This challenge is designed to be an introduction to GBA reverse engineering and an exploration of emulation tools. Text is printed off-screen, which the player must view by using tools built into emualtors like mGBA.


The GBA emulator recommended for this challenge is mGBA, but any GBA emulator with debugging tools should work as well.

  1. Open the ROM in mGBA.
  2. Go to Tools -> View Map
  3. The flag will be printed on the bottom of the map.

Flag from mGBA

Now, why does this work? For that, let’s look at how GBA graphics work.

There are a total of six modes: three tile modes and three bitmap modes. For us, the former is what we care about. The tile modes allow us to use sprites and place them anywhere on the screen, including off the screeen. But why would we ever put anything off screen? For scrolling. Think of how Super Mario Bros. scrolls to the right: that’s a hardware feature on the GBA!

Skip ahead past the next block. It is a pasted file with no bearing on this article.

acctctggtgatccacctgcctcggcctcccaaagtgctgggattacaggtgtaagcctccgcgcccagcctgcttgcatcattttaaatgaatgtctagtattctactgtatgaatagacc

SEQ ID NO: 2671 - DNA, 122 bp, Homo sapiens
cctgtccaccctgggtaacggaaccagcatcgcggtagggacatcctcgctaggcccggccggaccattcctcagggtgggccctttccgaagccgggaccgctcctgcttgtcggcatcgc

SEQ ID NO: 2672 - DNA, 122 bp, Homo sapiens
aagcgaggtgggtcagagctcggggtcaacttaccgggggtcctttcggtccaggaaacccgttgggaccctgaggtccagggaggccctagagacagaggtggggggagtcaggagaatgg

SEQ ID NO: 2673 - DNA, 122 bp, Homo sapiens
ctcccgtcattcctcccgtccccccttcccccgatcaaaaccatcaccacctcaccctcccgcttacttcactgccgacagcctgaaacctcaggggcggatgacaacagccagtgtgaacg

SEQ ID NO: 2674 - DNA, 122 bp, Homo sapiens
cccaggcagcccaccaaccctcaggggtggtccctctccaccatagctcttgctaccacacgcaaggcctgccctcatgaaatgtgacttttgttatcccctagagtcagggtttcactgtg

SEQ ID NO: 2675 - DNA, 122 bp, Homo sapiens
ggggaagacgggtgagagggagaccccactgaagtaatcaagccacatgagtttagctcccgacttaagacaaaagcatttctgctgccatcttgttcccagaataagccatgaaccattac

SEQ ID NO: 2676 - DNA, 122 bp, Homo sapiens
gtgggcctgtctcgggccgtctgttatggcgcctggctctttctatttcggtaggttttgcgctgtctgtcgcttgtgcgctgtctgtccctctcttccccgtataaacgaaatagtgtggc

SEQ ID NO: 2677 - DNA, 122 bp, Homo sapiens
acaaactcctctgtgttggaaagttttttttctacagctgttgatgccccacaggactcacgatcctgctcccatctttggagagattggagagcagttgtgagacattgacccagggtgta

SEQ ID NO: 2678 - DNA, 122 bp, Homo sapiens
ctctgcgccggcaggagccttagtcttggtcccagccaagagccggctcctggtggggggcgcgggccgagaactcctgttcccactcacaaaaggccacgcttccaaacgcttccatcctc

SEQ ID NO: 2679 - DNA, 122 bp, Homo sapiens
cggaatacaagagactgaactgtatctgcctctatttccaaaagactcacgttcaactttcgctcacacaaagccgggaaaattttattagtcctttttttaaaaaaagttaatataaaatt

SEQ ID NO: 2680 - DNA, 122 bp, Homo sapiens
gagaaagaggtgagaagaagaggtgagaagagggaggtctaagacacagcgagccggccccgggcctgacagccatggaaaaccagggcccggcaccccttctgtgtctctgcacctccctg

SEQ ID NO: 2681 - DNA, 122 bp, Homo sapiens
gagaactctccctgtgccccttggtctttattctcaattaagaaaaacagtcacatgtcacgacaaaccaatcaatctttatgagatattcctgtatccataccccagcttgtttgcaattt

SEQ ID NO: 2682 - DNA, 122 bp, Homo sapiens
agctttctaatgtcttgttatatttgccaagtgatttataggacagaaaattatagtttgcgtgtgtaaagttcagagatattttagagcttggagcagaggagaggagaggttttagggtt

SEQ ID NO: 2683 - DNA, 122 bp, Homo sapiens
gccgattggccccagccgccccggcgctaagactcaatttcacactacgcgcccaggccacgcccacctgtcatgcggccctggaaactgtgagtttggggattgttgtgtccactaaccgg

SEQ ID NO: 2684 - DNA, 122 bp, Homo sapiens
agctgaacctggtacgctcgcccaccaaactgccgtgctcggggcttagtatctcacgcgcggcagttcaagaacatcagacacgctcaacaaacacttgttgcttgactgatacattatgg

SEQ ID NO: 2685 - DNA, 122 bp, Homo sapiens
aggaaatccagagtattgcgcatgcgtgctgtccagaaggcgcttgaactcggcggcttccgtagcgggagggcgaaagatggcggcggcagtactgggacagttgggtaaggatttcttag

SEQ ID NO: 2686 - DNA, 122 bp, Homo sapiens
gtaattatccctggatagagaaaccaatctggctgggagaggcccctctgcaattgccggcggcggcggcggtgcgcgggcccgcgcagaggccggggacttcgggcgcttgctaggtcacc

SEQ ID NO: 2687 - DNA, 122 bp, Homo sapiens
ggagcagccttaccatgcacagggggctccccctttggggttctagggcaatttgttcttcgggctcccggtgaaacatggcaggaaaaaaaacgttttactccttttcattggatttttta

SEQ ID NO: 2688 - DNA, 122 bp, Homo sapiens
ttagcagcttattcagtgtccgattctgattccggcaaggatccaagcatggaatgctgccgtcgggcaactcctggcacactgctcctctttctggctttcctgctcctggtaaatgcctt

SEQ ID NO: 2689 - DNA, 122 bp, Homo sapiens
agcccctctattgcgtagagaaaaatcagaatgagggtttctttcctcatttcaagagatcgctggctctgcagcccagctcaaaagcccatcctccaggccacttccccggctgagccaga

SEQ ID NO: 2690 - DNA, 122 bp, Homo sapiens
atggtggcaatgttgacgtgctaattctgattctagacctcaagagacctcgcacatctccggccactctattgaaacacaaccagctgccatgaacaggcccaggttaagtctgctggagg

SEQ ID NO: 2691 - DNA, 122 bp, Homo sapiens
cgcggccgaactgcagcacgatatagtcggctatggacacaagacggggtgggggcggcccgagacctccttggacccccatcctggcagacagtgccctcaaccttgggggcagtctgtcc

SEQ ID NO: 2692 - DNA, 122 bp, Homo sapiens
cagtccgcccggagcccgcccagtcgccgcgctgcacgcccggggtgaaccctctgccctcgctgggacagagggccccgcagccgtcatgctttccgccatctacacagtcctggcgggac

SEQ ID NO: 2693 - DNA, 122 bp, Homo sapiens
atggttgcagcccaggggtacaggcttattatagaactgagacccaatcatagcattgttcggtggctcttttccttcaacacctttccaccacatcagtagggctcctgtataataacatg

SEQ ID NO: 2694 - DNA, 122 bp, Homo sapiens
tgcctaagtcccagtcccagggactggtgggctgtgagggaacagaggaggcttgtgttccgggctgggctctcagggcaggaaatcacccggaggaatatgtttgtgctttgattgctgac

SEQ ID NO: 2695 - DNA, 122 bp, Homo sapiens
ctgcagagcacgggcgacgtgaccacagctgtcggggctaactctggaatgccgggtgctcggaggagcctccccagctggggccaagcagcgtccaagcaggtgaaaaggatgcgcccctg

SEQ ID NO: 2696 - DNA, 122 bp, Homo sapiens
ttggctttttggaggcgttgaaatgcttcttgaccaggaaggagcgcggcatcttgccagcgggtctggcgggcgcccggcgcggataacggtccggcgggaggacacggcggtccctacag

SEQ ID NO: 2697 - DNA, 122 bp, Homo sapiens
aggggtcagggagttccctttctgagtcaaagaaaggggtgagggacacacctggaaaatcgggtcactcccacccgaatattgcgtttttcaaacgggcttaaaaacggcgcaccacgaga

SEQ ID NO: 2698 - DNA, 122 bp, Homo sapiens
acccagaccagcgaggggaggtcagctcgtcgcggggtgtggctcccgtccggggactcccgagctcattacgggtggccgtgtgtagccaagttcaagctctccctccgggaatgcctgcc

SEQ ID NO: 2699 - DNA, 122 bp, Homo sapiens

So, I wrote the flag outside of the visible part of the screen. Many emulator debugging tools, such as mGBA’s allow users to view everything on the current map, including what’s off screen. This makes it possible to view the flag without having to manipulate the scrolling registers.

Alternatively, players may manipulate the register responsible for scrolling directly. This is handled by address 0x4000012 (scroll BG0 vertically), which emulators can also write to.

For more information on tile maps, you can read this article.

Embedded Hint

There is an embedded hint in case a user decides to run strings on the ROM. This will yield a partial flag with the hint “check the map” nearby. Due to how the challenge is written, it may be possible to guess the full flag without executing the ROM (such as using static analysis in tools like Ghidra), but that’s no fun, now, is it?

Aside: Development

This challenge was written using the devkitPro GBA SDK and the HeartLib helper library, which massively assisted in the development of this challenge. If you wish to compile this challenge for yourself, peek at the C code powering it, or even use it to base your own GBA development endeavors, the source code can be found on the SunshineCTF GitHub.